"Perfectionism is the voice of the oppressor." -- Anne Lamott
Anne Lamott (born April 10, 1954) is a novelist and non-fiction writer. She is also a political activist, public speaker and writing teacher. Based in the San Francisco Bay Area, her nonfiction works are largely autobiographical. Marked by their self-deprecating humor and openness, Lamott's writings cover such subjects as alcoholism, being a single mother, depression and Christianity.
"Hope begins in the dark, the stubborn hope that if you just show up and try to do the right thing, the dawn will come. You wait and watch and work: you don't give up.""I do not at all understand the mystery of grace - only that it meets us where we are but does not leave us where it found us.""I've written six novels and four pieces of nonfiction, so I don't really have a genre these days.""Seeing yourself in print is such an amazing concept: you can get so much attention without having to actually show up somewhere... You don't have to dress up, for instance, and you can't hear them boo you right away.""We must not inflict life on children who will be resented; we must not inflict unwanted children on society.""When hope is not pinned wriggling onto a shiny image or expectation, it sometimes floats forth and opens.""You can safely assume that you've created God in your own image when it turns out that God hates all the same people you do."
Lamott was born in San Francisco, and is a graduate of Drew School. Her father, Kenneth Lamott, was also a writer. His death was the focus of her first published novel Hard Laughter. She has one son, Sam, who was born in 1989 and a grandson, Jax.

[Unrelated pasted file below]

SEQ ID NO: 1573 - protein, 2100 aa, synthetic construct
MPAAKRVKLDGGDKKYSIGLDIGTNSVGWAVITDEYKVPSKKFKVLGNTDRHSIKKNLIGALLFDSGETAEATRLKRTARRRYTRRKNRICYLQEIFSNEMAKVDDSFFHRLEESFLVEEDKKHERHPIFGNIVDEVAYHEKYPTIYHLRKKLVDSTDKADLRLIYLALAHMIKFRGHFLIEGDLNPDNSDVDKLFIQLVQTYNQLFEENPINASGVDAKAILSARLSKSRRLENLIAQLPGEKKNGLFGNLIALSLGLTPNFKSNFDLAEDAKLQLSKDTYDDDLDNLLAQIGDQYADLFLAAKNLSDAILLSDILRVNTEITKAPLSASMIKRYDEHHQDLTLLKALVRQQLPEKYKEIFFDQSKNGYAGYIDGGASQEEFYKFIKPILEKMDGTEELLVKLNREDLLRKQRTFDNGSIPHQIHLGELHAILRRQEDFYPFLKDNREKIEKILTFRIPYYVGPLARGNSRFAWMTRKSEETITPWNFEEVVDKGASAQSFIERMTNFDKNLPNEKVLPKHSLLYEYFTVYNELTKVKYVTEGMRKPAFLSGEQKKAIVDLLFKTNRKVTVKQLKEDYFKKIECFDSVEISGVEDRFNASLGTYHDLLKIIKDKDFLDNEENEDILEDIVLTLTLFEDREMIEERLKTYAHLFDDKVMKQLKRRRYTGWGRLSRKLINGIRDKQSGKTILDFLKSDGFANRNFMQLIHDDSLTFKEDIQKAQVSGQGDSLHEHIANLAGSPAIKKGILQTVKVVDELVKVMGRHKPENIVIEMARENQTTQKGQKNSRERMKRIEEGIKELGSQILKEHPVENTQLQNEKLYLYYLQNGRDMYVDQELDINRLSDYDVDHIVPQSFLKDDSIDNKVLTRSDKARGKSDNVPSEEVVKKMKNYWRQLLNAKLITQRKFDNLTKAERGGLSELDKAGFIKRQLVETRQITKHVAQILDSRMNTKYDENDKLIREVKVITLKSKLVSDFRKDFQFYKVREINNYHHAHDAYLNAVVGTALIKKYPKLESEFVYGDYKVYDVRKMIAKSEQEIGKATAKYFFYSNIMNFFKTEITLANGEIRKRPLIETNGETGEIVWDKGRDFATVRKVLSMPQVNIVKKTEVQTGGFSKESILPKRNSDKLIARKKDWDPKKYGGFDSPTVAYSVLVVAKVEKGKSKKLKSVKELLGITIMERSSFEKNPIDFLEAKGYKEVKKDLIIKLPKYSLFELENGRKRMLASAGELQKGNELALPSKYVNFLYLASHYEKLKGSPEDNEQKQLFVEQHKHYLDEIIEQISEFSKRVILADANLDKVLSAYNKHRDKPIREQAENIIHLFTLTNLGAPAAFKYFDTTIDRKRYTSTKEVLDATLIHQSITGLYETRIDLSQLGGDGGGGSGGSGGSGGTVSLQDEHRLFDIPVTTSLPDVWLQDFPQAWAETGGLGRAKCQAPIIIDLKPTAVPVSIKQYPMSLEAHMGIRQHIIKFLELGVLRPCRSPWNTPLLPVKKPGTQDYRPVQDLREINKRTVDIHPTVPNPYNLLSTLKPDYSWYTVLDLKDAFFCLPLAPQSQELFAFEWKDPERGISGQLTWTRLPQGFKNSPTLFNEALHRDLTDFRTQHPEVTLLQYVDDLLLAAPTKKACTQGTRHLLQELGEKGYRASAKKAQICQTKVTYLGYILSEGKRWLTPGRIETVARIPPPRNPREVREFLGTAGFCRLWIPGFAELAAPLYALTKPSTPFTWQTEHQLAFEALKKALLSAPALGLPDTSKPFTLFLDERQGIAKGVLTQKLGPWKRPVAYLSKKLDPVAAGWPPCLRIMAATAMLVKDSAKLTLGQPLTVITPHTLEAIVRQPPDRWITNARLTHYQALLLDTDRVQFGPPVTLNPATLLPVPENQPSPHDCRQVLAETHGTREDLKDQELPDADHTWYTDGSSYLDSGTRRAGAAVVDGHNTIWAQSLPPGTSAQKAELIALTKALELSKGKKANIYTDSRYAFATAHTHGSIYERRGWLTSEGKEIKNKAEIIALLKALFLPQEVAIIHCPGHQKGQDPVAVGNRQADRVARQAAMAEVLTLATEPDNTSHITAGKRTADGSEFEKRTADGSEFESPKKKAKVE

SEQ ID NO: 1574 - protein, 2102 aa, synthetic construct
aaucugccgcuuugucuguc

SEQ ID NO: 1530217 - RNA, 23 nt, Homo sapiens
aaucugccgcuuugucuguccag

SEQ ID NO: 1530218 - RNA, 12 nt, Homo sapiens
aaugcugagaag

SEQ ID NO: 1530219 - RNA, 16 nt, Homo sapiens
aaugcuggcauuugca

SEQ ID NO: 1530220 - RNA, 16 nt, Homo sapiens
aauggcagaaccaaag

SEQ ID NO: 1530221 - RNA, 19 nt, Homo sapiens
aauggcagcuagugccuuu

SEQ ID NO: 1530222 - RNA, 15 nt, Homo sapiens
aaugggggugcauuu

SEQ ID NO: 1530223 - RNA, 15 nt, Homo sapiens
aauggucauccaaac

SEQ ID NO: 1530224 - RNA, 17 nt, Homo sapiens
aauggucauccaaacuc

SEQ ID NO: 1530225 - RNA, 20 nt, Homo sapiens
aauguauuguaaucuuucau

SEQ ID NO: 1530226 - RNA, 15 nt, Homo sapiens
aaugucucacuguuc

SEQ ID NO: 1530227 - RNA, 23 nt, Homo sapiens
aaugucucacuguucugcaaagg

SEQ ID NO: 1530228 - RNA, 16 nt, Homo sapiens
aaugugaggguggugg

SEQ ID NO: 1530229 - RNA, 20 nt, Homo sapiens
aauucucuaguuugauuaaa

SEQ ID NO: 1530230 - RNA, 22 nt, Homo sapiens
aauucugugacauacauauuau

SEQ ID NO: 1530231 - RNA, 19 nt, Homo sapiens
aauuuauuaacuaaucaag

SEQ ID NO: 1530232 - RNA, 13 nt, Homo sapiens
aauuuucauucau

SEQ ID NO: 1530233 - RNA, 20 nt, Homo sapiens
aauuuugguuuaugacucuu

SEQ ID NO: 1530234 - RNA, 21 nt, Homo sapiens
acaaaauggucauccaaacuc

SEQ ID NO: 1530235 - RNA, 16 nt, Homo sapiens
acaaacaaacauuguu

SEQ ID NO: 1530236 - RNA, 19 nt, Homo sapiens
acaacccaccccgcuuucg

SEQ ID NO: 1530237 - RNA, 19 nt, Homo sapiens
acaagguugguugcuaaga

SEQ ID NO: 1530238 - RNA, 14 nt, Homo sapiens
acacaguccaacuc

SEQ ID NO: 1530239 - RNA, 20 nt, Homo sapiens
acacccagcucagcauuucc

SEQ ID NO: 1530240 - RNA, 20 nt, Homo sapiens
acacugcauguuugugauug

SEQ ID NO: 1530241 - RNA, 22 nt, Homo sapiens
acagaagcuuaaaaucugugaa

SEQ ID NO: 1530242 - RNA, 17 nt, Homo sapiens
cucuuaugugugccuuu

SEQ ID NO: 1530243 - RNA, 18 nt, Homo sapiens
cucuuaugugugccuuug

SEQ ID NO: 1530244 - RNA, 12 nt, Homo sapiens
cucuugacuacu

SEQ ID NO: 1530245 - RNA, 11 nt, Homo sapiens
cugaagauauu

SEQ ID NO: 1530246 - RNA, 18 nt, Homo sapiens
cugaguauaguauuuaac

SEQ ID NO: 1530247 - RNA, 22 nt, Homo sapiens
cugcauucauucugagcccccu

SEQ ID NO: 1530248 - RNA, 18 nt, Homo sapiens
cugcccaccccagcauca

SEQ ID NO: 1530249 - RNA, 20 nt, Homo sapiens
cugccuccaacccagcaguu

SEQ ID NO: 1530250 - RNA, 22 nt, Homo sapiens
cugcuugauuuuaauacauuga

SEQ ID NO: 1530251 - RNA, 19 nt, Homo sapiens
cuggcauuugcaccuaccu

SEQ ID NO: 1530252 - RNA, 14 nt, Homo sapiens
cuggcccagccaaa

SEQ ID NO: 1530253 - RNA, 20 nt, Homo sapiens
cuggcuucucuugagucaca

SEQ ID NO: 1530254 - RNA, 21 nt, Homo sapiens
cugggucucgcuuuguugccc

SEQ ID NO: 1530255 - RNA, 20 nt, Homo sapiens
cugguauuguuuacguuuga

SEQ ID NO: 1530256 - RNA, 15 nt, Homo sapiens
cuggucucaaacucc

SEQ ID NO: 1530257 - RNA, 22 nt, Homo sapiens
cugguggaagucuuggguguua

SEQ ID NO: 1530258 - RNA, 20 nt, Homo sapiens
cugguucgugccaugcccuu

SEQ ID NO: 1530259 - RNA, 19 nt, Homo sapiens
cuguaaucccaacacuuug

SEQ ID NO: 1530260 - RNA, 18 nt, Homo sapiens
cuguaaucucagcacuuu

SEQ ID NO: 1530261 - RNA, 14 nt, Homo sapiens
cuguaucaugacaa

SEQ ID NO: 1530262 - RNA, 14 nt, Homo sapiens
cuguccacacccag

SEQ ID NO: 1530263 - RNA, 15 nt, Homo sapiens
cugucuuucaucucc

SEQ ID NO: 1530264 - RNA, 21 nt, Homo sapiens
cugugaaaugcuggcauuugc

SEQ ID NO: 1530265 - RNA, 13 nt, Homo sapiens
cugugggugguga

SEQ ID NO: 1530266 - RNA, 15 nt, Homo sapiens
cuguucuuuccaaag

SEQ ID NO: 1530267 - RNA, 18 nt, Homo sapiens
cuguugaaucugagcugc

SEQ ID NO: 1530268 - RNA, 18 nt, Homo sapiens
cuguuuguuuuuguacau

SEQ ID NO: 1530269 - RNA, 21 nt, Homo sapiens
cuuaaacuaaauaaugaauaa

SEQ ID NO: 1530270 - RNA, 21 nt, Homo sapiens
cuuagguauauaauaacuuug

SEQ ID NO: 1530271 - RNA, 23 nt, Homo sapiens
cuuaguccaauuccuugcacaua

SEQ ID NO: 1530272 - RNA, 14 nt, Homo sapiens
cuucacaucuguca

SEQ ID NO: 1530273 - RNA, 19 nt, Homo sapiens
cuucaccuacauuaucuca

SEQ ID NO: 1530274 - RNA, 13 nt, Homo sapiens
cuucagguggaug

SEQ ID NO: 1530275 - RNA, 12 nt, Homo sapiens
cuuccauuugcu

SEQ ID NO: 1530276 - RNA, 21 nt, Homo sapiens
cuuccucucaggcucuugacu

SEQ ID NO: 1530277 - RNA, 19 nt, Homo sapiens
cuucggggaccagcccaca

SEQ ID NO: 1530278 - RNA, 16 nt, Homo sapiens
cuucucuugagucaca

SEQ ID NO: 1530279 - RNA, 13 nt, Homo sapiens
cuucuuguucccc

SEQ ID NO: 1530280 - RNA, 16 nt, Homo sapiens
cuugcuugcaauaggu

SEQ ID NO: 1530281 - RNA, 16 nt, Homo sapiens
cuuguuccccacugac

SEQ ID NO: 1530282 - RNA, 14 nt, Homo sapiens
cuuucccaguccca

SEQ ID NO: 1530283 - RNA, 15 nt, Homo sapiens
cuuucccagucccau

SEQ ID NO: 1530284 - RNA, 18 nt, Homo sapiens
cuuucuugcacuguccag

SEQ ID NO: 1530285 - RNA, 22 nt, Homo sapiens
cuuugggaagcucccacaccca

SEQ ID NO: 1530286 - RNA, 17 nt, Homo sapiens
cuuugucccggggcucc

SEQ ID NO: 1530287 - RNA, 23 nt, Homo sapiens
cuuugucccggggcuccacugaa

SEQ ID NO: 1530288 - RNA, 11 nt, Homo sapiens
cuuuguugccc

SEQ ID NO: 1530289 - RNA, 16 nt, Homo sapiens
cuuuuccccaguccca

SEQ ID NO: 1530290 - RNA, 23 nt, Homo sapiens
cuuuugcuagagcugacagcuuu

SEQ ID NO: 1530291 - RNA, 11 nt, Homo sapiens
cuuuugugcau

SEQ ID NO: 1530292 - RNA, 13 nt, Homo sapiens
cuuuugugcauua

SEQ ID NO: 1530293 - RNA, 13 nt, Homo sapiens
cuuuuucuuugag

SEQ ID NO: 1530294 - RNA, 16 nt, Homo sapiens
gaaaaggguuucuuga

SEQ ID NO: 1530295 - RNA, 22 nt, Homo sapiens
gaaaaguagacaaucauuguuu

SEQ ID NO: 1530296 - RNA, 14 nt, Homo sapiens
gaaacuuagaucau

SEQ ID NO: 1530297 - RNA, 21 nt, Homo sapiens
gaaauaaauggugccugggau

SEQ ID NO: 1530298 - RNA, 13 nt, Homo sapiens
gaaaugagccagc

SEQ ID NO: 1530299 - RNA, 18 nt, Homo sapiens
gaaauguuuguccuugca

Lamott's life was documented in Freida Lee Mock's 1999 documentary Bird by Bird with Annie: A Film Portrait of Writer Anne Lamott. Because of the documentary and her following on Facebook and other online networks, she is often called the "People's Author".
Lamott has described why she writes: "I try to write the books I would love to come upon, that are honest, concerned with real lives, human hearts, spiritual transformation, families, secrets, wonder, craziness...and that can make me laugh. When I am reading a book like this, I feel rich and profoundly relieved to be in the presence of someone who will share the truth with me, and throw the lights on a little, and I try to write these kinds of books. Books, for me, are medicine." Lamott is cited as a writer who captures well the style of narrative nonfiction called particularism, coined by Howard Freeman.
Bochynski, Pegge. (2010) "Anne Lamott" in American Writers: A Collection of Literary Biographies, Supplement XX, Mary Antin to Phillis Wheatley. Ed. Jay Parini. Detroit: Charles Scribner's Sons p131-146.